On the following Friday the Eton eleven came down. They played hard for more than [an] hour without any success on either side, till a length just as they were going to finish, one of the Eton men (Lyttleton) was thrown heavily. He fell with his arm twisted under him and was helped up with a broken arm. A doctor was luckily on the ground, who bandaged it up temporarily then advised his immediate removal to the hospital. It seems, that the poor fellow has broken the small bone of the arm, which, though not as bad as the main one, is sufficient to keep his arm in a sling for some time to come. I can only add that the game was immediately stopped; that we (the Westminsters) were unutterably grieved at this accident, it is unnecessary to say. The pain must have been awful, but he bore it like a trump, and was not heard to utter a single complaint. I must not close this article without saying how pluckily and well our eleven played. There was not one under the mark. Everyone did his best, and I think the Etonians did the same. I don’t think an accident of the kind has ever occurred before at Westminster. At any rate not within the memory of any of the Old Westminsters who were looking on at the time. However it can’t be helped, accidents will happen, and I am sure that in this case, if it was nothing more than a pure accident, it was a bona fide ‘Spill’ shoulder to shoulder. No tripping up, or pushing. I hope Eton will come down next year. When we will show them again that we don’t mean them to consider themselves invincible. This match was a great improvement on last year’s, and those next year’s will improve on this, and that we shall lick Eton at football, and on the water.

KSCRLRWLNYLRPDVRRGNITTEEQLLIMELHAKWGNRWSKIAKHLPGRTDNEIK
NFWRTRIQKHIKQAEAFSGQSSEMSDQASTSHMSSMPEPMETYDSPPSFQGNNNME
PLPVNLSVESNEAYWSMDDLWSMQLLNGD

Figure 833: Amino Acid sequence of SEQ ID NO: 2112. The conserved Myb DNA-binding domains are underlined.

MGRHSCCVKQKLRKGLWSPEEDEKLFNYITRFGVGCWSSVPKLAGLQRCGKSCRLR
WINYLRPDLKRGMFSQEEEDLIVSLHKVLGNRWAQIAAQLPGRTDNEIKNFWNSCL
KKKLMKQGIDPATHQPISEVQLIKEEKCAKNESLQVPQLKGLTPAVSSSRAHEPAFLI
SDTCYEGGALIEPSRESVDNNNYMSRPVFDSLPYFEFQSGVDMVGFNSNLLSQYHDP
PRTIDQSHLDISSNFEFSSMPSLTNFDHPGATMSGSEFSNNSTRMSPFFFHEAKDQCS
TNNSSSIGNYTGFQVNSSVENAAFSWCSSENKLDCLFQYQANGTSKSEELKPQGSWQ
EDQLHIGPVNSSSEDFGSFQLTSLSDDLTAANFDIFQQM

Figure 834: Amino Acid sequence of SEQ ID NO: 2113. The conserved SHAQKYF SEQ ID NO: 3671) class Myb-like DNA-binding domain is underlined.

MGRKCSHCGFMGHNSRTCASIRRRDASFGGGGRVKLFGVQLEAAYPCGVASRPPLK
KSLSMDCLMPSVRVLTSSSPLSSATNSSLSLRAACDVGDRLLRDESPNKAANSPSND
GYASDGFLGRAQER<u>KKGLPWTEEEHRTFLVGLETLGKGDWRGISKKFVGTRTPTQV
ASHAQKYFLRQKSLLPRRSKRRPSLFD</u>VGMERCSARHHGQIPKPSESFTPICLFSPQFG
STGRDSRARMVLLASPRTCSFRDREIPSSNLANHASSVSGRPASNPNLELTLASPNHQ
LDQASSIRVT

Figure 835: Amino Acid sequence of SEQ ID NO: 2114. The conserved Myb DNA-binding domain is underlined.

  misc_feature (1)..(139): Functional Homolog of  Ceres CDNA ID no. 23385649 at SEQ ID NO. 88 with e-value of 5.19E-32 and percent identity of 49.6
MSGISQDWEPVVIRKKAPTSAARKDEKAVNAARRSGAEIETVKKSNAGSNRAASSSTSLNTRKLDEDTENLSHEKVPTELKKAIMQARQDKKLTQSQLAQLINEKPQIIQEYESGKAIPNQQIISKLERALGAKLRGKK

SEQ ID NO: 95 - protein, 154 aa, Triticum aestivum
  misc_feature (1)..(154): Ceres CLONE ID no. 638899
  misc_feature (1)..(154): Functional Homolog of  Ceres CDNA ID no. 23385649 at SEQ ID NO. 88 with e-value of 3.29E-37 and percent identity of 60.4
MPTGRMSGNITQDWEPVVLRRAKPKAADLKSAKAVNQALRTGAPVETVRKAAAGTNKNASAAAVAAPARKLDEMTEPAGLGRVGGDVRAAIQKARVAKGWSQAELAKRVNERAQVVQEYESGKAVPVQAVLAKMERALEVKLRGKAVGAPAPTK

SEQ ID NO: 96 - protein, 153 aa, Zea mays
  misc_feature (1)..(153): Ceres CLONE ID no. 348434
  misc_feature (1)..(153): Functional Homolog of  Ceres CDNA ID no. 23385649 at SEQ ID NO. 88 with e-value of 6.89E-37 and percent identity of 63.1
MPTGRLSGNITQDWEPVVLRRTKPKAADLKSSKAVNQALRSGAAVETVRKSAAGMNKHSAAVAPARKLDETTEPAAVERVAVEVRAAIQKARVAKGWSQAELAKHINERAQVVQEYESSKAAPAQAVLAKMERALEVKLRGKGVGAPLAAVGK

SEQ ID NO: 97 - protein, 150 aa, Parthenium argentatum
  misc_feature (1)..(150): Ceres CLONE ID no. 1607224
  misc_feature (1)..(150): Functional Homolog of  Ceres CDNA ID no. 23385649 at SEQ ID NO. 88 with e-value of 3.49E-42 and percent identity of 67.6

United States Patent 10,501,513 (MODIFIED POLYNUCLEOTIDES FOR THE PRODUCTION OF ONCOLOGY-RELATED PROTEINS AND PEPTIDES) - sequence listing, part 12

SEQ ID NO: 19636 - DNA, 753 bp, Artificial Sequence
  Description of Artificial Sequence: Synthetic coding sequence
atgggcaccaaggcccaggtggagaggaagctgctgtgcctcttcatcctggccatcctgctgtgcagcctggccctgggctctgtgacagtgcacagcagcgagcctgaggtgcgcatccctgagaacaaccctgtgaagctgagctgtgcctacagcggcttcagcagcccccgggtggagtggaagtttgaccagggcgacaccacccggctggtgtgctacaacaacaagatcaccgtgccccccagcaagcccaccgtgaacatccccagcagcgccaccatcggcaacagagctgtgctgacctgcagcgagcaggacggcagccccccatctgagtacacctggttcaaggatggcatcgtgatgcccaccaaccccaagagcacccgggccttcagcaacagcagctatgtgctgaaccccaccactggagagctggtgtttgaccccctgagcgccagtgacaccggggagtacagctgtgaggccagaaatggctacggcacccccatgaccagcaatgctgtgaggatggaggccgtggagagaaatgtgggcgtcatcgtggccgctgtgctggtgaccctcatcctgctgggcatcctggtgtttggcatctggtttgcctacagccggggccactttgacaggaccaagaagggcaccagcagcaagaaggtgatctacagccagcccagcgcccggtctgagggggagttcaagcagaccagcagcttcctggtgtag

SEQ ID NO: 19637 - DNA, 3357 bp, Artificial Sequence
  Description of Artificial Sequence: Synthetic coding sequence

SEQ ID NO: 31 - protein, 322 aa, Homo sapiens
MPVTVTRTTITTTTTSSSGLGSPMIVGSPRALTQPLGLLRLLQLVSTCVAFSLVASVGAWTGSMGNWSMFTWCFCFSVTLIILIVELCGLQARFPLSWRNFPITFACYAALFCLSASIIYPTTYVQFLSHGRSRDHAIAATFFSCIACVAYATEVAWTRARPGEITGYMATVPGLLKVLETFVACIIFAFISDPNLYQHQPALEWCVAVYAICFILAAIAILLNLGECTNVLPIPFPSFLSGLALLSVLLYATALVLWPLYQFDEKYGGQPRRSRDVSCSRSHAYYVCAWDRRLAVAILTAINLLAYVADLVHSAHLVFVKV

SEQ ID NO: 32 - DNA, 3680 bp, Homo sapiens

The Eton and Westminster on August 3rd was won by the former by about 8 lengths owing to the want of length in the WW. The style of rowing in the school has very much improved lately a good deal owing to Forster’s good example. For particulars see Water Ledger.